An Introduction to Gender Audit Methodology

Caroline Moser
Caroline Moser Former Brookings Expert

May 1, 2005


Evaluation methodology specifically designed to assess the implementation of gender policies, strategies, programmes and projects has developed rapidly during the past decade. This has been of particular importance to the broad range of institutions that have implemented initiatives to achieve the Beijing Platform for Action (PfA) objectives of gender equality and the empowerment of women. These include donor agencies, government departments and civil society organisations.

This working paper outlines the main components of a recently developed gender audit methodology. Its purpose is to provide a background paper for those seeking to undertake gender audits, as well as to show the uses of gender audits within the broader development field of meeting the Millennium Development Goals (MDGs). The paper was commissioned by the Evaluation Department of the UK Department for International Development (DFID) and is intended for staff working in London-based policy divisions and in field-based offices. Hopefully, it will also be useful beyond DFID, for others in development-focused organisations also grappling with the methodological complexities of auditing or evaluating gender mainstreaming in their organisations.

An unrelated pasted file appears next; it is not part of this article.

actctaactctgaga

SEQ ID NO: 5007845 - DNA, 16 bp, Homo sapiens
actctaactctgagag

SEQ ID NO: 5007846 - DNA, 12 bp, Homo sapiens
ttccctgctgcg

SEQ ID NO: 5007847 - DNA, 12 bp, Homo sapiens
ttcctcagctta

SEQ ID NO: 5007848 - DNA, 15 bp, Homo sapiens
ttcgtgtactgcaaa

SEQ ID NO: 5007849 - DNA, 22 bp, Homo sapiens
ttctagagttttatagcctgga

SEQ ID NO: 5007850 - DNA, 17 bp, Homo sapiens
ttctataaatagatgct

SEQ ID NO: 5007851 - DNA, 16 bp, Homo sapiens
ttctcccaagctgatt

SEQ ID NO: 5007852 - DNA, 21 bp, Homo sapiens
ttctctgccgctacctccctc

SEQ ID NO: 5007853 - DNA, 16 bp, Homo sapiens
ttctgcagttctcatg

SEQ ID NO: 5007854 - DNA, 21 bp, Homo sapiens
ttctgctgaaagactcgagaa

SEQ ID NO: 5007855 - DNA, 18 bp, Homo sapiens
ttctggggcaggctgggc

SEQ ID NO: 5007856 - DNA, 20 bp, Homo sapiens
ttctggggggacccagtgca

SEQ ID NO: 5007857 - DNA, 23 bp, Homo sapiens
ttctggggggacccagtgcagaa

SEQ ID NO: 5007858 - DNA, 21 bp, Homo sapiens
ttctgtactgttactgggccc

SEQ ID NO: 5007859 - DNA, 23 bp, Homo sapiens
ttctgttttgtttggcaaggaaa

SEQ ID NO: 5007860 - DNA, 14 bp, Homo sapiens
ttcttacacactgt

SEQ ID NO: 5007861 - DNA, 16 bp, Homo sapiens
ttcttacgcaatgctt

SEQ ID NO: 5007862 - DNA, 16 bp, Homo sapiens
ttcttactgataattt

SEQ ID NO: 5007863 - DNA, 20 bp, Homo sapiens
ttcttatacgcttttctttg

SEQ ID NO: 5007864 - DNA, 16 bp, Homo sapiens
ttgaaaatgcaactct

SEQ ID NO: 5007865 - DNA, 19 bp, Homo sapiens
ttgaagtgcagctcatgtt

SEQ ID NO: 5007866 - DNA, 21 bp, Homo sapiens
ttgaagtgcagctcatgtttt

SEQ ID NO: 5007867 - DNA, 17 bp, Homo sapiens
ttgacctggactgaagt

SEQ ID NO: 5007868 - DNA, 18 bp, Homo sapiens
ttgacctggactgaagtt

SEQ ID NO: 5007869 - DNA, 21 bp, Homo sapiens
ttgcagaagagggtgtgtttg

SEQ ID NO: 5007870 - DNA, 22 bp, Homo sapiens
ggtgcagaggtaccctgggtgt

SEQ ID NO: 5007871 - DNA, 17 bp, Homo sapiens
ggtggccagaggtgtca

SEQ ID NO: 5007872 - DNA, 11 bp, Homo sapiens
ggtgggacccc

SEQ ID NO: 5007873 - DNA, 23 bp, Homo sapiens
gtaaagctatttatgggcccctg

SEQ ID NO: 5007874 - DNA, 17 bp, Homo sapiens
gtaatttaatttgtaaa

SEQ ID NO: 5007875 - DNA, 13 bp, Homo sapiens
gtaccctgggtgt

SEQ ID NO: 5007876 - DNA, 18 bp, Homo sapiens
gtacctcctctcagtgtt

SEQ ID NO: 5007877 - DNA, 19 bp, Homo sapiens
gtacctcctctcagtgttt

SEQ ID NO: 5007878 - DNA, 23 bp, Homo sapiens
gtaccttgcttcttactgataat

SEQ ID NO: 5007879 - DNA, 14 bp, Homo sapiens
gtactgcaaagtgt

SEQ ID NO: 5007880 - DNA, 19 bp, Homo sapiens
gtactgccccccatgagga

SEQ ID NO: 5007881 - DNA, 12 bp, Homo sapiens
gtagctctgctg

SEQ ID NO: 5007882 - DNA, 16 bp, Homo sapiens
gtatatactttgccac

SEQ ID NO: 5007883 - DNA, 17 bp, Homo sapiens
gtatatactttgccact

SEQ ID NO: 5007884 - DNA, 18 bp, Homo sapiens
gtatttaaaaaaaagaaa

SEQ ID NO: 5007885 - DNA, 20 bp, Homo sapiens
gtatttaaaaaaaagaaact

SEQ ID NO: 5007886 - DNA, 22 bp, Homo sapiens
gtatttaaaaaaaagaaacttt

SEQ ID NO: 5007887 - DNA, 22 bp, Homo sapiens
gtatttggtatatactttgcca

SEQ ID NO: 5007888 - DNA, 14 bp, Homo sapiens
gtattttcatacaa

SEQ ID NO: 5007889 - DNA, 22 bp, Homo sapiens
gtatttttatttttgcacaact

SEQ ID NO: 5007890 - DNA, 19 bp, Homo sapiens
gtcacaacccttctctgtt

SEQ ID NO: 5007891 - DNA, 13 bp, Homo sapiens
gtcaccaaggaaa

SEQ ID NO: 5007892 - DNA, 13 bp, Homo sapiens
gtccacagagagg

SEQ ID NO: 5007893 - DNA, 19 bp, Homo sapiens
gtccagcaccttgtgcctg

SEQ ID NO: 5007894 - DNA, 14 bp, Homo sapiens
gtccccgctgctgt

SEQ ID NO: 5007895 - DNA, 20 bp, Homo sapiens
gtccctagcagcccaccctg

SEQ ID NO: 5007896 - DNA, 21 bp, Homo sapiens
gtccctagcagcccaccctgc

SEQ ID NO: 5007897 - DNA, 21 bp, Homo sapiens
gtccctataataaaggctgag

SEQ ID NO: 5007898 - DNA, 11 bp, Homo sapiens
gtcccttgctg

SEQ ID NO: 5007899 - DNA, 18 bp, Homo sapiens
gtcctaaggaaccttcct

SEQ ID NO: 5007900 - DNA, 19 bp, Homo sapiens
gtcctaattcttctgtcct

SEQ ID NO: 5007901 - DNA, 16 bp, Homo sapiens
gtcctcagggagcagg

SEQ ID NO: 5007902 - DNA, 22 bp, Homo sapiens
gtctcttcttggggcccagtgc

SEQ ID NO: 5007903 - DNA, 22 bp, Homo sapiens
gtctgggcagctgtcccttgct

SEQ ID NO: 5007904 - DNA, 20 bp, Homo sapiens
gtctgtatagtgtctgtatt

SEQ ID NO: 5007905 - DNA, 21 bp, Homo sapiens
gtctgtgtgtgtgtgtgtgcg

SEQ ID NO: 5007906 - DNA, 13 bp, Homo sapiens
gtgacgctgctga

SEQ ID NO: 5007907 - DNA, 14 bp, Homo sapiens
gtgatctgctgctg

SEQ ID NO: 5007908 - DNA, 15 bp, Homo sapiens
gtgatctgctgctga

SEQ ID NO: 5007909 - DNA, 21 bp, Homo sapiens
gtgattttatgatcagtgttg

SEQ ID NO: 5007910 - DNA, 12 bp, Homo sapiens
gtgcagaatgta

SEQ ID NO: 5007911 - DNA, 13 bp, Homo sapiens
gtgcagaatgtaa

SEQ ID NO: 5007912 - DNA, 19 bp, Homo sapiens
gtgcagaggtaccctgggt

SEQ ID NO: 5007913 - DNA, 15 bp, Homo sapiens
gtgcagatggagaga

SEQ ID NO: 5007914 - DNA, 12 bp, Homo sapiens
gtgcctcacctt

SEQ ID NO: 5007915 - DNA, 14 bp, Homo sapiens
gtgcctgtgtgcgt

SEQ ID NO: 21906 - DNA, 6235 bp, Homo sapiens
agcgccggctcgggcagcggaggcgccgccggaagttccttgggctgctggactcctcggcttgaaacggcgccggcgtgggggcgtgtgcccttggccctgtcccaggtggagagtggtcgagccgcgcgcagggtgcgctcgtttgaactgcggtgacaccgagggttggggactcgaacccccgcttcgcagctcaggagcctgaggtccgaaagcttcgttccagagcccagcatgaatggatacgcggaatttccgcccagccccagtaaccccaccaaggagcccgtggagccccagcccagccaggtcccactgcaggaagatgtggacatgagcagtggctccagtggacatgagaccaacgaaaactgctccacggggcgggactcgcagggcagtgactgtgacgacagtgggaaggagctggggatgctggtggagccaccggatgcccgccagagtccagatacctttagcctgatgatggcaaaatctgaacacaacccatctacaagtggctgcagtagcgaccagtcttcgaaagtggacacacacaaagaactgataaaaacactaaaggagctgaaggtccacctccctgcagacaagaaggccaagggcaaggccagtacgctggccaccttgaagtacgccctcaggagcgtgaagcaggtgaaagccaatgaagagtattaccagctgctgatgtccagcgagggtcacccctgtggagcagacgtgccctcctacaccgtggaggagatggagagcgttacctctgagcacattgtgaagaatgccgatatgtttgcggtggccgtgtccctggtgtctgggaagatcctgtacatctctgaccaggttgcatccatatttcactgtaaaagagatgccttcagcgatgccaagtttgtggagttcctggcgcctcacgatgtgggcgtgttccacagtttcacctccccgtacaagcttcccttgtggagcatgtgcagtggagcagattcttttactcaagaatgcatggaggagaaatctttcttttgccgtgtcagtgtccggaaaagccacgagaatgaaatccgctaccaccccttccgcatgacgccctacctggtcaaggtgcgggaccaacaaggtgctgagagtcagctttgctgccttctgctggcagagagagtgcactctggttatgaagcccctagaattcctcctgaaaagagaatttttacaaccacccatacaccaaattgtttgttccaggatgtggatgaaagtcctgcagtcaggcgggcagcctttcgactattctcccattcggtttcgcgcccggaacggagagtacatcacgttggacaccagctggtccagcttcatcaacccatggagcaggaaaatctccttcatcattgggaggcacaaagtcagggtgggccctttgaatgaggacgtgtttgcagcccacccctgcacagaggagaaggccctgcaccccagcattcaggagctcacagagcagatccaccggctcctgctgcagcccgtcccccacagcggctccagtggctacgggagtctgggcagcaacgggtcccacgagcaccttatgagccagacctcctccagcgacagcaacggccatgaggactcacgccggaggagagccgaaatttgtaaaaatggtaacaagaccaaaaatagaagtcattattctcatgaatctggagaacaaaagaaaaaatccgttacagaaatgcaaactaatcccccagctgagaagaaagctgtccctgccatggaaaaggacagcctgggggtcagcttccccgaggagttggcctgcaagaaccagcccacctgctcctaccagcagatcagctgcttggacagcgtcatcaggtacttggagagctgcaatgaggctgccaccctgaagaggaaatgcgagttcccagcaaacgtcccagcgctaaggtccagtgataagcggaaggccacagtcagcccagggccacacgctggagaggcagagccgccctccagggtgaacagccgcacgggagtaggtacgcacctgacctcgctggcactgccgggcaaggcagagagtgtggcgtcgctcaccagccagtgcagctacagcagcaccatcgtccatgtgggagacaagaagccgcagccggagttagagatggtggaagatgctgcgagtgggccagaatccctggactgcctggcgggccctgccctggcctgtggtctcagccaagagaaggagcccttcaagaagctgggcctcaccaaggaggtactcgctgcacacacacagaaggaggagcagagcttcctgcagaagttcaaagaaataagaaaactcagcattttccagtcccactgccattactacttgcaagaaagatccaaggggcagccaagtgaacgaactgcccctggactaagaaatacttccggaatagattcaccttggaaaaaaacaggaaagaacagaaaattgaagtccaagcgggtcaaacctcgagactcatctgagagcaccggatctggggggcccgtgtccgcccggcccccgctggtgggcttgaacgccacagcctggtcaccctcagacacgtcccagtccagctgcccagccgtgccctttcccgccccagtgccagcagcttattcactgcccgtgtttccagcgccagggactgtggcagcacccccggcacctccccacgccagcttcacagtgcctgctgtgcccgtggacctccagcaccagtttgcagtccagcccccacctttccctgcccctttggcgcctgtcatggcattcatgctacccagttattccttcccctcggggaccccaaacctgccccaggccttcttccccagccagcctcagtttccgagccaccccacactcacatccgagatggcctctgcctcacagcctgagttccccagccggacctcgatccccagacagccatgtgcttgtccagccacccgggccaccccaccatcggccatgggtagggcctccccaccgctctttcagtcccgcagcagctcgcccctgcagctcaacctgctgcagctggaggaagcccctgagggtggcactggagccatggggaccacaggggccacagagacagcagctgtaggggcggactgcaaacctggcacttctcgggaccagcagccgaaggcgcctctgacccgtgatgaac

The working paper consists of the following five sections:

 Section 1 introduces the objectives of a gender audit and provides a brief background to the origins of this working paper.
 Section 2 introduces gender audits in terms of critical issues relating to definitions and approaches to gender evaluation and gender audits.
 Section 3 examines the objectives of gender audits relating to gender equality and gender mainstreaming.
 Section 4 focuses on the components of a gender audit, both the coverage and methodology for implementation and the structure and contents of an audit document and related measurement issues.
 Section 5 concludes

At the outset, it is important to emphasise that, as a working paper, this is not a set of ‘guidelines’: this would be a far more extensive project in scope, and require more broad-based comparative experience than is currently available. Nevertheless, it is hoped that it can provide useful guidance for those concerned better to understand the main objectives, methodology and components of gender audits.